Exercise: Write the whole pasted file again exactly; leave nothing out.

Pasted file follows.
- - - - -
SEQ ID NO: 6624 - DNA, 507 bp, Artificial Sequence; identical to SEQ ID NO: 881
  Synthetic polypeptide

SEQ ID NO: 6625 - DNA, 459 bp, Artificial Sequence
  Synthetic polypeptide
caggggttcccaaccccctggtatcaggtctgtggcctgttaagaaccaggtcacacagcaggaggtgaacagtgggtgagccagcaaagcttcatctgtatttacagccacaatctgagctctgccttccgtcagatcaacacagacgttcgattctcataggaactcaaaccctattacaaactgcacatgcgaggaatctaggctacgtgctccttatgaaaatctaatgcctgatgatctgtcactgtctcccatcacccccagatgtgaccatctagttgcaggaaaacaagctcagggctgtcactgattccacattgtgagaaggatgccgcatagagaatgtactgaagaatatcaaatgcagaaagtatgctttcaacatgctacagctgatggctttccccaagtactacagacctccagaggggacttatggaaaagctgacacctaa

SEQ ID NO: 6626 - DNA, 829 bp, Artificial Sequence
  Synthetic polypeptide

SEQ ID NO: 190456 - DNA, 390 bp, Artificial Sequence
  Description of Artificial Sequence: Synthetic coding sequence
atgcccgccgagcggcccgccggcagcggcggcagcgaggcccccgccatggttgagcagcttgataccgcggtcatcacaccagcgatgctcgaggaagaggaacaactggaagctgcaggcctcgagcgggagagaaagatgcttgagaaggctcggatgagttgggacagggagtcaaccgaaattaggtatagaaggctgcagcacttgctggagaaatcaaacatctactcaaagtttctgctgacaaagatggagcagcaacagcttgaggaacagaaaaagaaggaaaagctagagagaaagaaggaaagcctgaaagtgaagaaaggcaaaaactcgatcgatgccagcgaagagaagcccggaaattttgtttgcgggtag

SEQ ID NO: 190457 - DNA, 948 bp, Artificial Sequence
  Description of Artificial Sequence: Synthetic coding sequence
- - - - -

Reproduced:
SEQ ID NO: 6624 - DNA, 507 bp, Artificial Sequence; identical to SEQ ID NO: 881
  Synthetic polypeptide

SEQ ID NO: 6625 - DNA, 459 bp, Artificial Sequence
  Synthetic polypeptide
caggggttcccaaccccctggtatcaggtctgtggcctgttaagaaccaggtcacacagcaggaggtgaacagtgggtgagccagcaaagcttcatctgtatttacagccacaatctgagctctgccttccgtcagatcaacacagacgttcgattctcataggaactcaaaccctattacaaactgcacatgcgaggaatctaggctacgtgctccttatgaaaatctaatgcctgatgatctgtcactgtctcccatcacccccagatgtgaccatctagttgcaggaaaacaagctcagggctgtcactgattccacattgtgagaaggatgccgcatagagaatgtactgaagaatatcaaatgcagaaagtatgctttcaacatgctacagctgatggctttccccaagtactacagacctccagaggggacttatggaaaagctgacacctaa

SEQ ID NO: 6626 - DNA, 829 bp, Artificial Sequence
  Synthetic polypeptide

SEQ ID NO: 190456 - DNA, 390 bp, Artificial Sequence
  Description of Artificial Sequence: Synthetic coding sequence
atgcccgccgagcggcccgccggcagcggcggcagcgaggcccccgccatggttgagcagcttgataccgcggtcatcacaccagcgatgctcgaggaagaggaacaactggaagctgcaggcctcgagcgggagagaaagatgcttgagaaggctcggatgagttgggacagggagtcaaccgaaattaggtatagaaggctgcagcacttgctggagaaatcaaacatctactcaaagtttctgctgacaaagatggagcagcaacagcttgaggaacagaaaaagaaggaaaagctagagagaaagaaggaaagcctgaaagtgaagaaaggcaaaaactcgatcgatgccagcgaagagaagcccggaaattttgtttgcgggtag

SEQ ID NO: 190457 - DNA, 948 bp, Artificial Sequence
  Description of Artificial Sequence: Synthetic coding sequence